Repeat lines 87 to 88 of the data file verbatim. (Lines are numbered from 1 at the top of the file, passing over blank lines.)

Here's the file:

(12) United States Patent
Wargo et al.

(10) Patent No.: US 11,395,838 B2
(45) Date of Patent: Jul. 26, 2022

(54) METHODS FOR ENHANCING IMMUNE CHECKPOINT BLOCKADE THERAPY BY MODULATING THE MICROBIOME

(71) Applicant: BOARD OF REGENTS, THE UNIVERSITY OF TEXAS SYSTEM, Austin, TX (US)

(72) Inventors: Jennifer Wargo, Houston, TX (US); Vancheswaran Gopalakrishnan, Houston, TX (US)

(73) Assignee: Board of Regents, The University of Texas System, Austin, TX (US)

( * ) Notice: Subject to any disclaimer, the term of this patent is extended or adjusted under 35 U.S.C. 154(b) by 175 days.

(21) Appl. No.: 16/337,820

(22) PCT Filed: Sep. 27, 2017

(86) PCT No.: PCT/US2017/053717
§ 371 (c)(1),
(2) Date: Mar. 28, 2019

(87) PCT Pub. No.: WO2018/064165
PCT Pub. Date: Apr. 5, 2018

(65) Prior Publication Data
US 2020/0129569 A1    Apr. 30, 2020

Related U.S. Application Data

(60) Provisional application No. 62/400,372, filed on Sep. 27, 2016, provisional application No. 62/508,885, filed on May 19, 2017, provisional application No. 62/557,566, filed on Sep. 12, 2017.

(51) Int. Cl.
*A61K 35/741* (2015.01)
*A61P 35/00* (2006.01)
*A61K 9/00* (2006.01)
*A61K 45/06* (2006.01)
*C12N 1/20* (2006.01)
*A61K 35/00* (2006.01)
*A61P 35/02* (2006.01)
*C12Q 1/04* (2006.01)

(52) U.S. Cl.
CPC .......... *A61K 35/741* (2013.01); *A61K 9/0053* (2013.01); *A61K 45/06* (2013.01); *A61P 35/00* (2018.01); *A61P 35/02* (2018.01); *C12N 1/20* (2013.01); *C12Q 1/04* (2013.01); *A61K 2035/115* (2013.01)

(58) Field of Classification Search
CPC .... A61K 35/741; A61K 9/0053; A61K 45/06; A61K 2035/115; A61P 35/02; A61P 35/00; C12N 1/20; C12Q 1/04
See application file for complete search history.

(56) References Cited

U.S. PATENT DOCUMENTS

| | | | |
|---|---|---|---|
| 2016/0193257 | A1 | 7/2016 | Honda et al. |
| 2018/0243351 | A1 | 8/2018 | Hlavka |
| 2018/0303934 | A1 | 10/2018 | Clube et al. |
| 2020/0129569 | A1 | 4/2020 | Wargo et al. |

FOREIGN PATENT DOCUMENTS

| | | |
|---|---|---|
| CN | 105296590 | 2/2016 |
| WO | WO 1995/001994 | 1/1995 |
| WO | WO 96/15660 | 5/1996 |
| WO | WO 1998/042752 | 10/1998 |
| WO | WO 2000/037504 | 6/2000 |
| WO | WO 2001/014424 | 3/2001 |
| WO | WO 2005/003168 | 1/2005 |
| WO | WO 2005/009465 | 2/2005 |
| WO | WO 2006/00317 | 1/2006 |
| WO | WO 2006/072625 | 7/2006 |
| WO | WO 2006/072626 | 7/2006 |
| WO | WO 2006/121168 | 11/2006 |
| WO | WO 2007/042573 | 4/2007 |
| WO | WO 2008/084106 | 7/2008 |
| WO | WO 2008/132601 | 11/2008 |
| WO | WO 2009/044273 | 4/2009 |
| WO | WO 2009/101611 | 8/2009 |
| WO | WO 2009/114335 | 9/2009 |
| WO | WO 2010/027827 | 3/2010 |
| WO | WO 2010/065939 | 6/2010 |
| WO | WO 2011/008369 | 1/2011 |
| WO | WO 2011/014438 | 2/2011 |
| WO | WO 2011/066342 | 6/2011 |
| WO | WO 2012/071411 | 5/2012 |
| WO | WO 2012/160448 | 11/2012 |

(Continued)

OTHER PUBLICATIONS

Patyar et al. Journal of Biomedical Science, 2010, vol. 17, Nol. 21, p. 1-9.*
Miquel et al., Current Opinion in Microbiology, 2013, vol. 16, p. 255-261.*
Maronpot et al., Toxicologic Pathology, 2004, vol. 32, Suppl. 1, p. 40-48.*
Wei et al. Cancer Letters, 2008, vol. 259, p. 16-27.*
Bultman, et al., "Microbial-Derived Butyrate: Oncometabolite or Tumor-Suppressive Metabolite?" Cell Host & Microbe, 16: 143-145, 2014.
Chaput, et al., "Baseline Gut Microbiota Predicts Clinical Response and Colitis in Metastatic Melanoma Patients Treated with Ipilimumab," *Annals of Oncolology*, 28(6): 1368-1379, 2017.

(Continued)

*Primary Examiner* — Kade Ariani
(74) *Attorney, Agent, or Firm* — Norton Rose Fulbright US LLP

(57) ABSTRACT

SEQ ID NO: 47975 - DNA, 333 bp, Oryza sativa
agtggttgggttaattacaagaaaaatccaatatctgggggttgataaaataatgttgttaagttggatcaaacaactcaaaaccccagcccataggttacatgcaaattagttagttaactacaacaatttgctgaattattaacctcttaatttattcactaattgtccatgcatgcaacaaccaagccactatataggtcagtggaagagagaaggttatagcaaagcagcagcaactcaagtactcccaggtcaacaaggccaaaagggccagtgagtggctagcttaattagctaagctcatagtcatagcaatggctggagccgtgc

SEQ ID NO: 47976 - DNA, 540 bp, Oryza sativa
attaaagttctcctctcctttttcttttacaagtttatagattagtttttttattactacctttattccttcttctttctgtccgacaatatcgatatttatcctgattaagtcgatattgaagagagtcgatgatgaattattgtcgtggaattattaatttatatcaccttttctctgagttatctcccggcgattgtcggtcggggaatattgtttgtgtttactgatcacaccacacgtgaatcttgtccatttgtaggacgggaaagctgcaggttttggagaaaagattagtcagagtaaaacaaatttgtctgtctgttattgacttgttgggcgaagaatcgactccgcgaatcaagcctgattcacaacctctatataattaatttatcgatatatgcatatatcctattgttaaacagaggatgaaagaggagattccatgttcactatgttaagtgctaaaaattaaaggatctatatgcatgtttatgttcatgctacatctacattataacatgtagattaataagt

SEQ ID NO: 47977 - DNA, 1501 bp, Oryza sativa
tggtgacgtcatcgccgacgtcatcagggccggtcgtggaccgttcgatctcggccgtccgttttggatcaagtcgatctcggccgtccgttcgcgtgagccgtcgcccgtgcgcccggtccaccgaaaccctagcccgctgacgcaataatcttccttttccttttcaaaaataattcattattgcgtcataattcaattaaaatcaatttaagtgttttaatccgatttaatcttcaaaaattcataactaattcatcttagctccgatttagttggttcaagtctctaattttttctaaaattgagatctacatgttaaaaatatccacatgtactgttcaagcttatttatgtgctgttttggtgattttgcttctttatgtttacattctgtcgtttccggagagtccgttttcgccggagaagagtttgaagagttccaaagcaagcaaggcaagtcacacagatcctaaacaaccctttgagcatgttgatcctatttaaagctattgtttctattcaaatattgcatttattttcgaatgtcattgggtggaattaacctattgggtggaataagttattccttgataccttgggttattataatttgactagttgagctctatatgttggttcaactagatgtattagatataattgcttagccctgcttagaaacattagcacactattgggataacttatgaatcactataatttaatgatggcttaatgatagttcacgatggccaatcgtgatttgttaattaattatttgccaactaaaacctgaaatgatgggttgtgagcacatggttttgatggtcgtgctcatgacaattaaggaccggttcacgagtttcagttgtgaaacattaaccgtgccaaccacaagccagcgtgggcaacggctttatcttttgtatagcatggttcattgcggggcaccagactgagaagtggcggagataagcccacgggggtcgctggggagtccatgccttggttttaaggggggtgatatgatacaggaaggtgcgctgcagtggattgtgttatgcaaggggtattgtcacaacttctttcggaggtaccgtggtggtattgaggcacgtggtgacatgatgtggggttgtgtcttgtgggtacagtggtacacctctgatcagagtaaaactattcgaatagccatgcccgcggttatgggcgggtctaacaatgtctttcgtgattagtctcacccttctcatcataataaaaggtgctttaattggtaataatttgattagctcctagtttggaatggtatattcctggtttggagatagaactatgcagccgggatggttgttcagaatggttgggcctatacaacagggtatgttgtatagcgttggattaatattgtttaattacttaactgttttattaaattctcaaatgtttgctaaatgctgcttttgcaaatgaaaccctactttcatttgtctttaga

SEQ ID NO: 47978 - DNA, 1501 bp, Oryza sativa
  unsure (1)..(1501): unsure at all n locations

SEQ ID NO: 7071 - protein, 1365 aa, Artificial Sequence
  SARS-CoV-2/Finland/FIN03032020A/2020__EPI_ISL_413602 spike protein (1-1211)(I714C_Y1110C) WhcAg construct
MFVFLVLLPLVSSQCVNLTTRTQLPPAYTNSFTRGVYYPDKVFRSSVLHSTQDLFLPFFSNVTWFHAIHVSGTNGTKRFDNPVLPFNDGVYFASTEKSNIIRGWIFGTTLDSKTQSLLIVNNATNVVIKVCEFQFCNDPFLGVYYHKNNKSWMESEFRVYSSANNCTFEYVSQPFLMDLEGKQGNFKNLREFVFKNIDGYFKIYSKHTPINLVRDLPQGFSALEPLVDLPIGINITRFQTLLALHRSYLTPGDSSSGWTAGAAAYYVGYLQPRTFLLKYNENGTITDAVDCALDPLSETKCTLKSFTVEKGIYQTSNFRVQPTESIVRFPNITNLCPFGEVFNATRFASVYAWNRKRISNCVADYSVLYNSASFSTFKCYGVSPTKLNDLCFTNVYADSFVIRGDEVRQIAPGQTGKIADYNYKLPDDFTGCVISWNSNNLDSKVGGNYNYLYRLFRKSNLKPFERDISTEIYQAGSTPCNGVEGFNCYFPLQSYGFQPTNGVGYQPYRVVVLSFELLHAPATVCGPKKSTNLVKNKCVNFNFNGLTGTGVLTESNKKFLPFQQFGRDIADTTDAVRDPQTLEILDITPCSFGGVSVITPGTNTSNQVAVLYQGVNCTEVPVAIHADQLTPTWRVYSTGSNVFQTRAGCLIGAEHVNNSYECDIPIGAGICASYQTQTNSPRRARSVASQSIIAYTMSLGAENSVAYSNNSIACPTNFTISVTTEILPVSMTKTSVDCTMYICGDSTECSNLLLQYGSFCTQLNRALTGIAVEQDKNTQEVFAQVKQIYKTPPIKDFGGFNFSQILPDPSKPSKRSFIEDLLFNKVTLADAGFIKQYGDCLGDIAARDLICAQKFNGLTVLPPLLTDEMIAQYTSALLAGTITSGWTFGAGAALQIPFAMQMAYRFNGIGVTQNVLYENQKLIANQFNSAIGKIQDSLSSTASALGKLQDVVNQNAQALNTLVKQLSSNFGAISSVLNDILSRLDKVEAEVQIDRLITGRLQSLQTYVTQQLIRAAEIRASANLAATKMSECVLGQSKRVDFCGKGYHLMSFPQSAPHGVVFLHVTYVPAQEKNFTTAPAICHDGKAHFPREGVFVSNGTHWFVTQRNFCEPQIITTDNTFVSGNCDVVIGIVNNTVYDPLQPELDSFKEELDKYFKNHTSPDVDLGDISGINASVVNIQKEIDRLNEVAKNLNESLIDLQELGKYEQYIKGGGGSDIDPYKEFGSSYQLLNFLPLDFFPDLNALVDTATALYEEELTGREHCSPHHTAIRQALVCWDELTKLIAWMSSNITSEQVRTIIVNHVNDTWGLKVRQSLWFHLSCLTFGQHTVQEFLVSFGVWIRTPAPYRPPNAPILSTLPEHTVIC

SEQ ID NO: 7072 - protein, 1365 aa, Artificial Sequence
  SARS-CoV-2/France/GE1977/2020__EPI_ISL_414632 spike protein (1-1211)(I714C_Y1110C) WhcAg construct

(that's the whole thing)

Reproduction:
SEQ ID NO: 47977 - DNA, 1501 bp, Oryza sativa
tggtgacgtcatcgccgacgtcatcagggccggtcgtggaccgttcgatctcggccgtccgttttggatcaagtcgatctcggccgtccgttcgcgtgagccgtcgcccgtgcgcccggtccaccgaaaccctagcccgctgacgcaataatcttccttttccttttcaaaaataattcattattgcgtcataattcaattaaaatcaatttaagtgttttaatccgatttaatcttcaaaaattcataactaattcatcttagctccgatttagttggttcaagtctctaattttttctaaaattgagatctacatgttaaaaatatccacatgtactgttcaagcttatttatgtgctgttttggtgattttgcttctttatgtttacattctgtcgtttccggagagtccgttttcgccggagaagagtttgaagagttccaaagcaagcaaggcaagtcacacagatcctaaacaaccctttgagcatgttgatcctatttaaagctattgtttctattcaaatattgcatttattttcgaatgtcattgggtggaattaacctattgggtggaataagttattccttgataccttgggttattataatttgactagttgagctctatatgttggttcaactagatgtattagatataattgcttagccctgcttagaaacattagcacactattgggataacttatgaatcactataatttaatgatggcttaatgatagttcacgatggccaatcgtgatttgttaattaattatttgccaactaaaacctgaaatgatgggttgtgagcacatggttttgatggtcgtgctcatgacaattaaggaccggttcacgagtttcagttgtgaaacattaaccgtgccaaccacaagccagcgtgggcaacggctttatcttttgtatagcatggttcattgcggggcaccagactgagaagtggcggagataagcccacgggggtcgctggggagtccatgccttggttttaaggggggtgatatgatacaggaaggtgcgctgcagtggattgtgttatgcaaggggtattgtcacaacttctttcggaggtaccgtggtggtattgaggcacgtggtgacatgatgtggggttgtgtcttgtgggtacagtggtacacctctgatcagagtaaaactattcgaatagccatgcccgcggttatgggcgggtctaacaatgtctttcgtgattagtctcacccttctcatcataataaaaggtgctttaattggtaataatttgattagctcctagtttggaatggtatattcctggtttggagatagaactatgcagccgggatggttgttcagaatggttgggcctatacaacagggtatgttgtatagcgttggattaatattgtttaattacttaactgttttattaaattctcaaatgtttgctaaatgctgcttttgcaaatgaaaccctactttcatttgtctttaga